The Price is Right

In response to my Partner Ken and his post “Raising Prices – Are You Nuts?” I think he’s not certifiable but may be pushing the envelope. The topic of pricing is one of the least quantifiable functions management deals with due to the large number of open-ended variables involved, many of which are unknowable.

As a game show, guessing the right price is fun and rewarding. In business, guessing wrong about the impact pricing has on trade and consumer behavior has major influence over a company’s business viability. Have you ever been in meetings where the pricing strategy discussion includes debates about cost plus, matching competition, or pricing to customer benefit are all central to the topic of correct pricing? Have you tried to estimate competitive response to price changes? Have you argued pricing structure across different classes of trade, such as retail and Internet?

Bad guesses have major consequences. But the key to increasing prices, once a company has settled on a corporate pricing strategy, is to combine multiple objectives from both the account’s and the company’s perspective to achieve real revenue and dollar profit gains.

Retailers and manufacturers (brands) rarely share the same strategic objectives.  While the goals of increased revenue and profits are universal, it is the question of whose revenue and whose profits where there is usually disagreement.  Thus the role of the manufacturer is to understand the intersection of common goals. Remember the clash between Wal-Mart and dominant market share leader Rubbermaid in the 1990’s? Rubbermaid tried to increase prices in order to pass along raw material cost increases to the consumer rather than suffer a margin decline, a move resisted by the massive retailer. Wal-Mart changed suppliers and Rubbermaid was forced to merge with Newell to survive. Talk a about a bad guess about who had market strength.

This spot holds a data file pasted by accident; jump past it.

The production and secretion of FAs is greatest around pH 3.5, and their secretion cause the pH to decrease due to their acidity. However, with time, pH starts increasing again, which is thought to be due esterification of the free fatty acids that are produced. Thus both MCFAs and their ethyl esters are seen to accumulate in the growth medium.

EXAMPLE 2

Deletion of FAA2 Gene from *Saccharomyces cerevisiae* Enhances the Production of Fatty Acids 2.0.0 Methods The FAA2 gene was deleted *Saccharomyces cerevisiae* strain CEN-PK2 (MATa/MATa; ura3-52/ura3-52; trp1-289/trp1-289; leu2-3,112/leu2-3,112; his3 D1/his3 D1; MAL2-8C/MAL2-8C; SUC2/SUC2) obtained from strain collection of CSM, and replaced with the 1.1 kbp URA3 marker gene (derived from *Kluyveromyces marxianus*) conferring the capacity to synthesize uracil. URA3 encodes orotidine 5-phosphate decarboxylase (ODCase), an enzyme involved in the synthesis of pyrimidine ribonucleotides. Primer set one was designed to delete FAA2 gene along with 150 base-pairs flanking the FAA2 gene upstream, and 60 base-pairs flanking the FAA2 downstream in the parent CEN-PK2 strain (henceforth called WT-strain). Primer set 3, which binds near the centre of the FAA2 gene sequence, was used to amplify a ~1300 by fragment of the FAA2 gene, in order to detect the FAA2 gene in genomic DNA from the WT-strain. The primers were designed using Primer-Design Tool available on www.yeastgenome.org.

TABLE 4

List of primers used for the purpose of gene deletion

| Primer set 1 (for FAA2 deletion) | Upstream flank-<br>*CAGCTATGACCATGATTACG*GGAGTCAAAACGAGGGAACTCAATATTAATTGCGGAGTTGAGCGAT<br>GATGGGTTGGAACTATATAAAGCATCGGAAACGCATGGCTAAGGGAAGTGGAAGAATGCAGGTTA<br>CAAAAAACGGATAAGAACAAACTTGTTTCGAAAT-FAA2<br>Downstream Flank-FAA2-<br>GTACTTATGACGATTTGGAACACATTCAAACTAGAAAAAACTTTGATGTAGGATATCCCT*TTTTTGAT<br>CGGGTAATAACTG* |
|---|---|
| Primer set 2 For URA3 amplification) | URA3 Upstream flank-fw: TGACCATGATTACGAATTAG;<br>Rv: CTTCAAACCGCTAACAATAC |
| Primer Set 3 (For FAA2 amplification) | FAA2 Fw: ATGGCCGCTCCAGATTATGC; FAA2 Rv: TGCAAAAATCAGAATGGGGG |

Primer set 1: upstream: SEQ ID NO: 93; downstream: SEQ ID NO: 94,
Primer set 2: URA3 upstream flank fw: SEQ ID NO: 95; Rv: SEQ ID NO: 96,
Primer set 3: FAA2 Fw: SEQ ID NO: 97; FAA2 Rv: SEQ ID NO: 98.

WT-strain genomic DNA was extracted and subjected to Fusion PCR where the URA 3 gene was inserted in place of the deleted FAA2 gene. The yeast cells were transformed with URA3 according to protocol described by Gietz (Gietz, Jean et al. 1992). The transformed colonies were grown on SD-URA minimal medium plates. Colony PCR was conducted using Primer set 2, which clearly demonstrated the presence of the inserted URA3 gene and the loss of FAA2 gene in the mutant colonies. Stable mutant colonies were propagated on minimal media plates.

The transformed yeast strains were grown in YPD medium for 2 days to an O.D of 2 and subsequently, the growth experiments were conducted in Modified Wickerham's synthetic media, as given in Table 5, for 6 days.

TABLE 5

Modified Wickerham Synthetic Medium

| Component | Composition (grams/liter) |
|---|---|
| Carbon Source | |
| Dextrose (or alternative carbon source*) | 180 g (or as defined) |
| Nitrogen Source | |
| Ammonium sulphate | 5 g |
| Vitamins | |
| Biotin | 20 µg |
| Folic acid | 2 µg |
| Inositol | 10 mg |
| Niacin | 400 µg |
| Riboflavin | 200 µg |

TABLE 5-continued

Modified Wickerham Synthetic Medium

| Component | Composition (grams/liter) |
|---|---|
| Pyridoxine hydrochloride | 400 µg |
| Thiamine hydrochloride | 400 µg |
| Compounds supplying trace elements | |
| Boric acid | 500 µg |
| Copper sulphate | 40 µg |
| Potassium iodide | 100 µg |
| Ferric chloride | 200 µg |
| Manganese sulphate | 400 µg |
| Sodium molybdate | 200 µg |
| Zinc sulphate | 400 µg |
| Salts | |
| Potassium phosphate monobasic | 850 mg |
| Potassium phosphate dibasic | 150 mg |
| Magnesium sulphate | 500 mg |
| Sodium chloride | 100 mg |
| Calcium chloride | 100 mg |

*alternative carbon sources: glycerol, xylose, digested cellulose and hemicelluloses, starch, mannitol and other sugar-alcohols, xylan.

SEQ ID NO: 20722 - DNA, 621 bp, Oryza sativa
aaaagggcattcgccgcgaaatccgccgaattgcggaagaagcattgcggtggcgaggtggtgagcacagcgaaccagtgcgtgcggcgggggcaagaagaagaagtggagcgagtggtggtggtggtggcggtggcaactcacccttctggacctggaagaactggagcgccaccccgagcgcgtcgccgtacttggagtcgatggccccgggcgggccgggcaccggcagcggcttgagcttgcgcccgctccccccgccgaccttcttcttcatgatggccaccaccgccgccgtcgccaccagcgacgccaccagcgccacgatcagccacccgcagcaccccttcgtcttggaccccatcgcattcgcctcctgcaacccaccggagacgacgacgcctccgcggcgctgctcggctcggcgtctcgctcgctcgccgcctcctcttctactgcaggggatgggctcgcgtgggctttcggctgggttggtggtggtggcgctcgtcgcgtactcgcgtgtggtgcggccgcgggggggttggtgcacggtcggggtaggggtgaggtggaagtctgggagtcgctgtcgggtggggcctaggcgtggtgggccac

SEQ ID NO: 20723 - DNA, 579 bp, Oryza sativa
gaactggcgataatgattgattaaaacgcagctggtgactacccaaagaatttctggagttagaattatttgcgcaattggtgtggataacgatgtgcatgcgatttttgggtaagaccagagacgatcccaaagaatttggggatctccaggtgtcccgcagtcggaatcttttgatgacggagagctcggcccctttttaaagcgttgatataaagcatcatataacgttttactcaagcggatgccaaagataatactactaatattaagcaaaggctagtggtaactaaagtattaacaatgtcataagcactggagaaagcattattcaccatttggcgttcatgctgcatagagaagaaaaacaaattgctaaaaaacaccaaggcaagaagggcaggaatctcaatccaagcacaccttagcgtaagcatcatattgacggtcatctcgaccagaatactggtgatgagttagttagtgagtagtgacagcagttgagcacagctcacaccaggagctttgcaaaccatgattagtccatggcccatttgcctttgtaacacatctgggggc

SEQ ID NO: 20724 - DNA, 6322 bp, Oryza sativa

Turning to the strategy of increasing prices, it is critical to understand your key accounts’ accounting and merchandise management compensation structures. In addition, a solid strategic basis which supports the key accounts’ own growth strategies is essential. Writing a universal equation is impossible but we can describe a pathway for understanding how to approach price increases:

  • Product margin alone is often not how retailers measure profitability. For example, co-op advertising, broadcast & Internet advertising, promotion spending, allowances for damages, markdown money and returns all enter into the equation at the merchandising level. Frequently there are “puddles” of margin in the financials that are not visible to the buyer teams. On the other hand retailers’ financial officers often do not focus on how much a brand spends on support.  
  • Retail brand marketing and sales teams need to find these “puddles” and reallocate spending, with a clear eye to increasing sell-through and building market share, while enabling the buying and merchandising executives to hit their MBOs. These objectives usually include increasing number of catalog pages sold, exclusive promotion events and even special sizes, packs etc. while demonstrating to their management that a price increase along with larger open-to-buys makes solid business sense. 
  • Price increases combined with reallocated spending by the manufacturer, supported by a sound strategic basis and communicated clearly to the buying team, should avoid trade alienation, a euphemism for losing support from your account(s).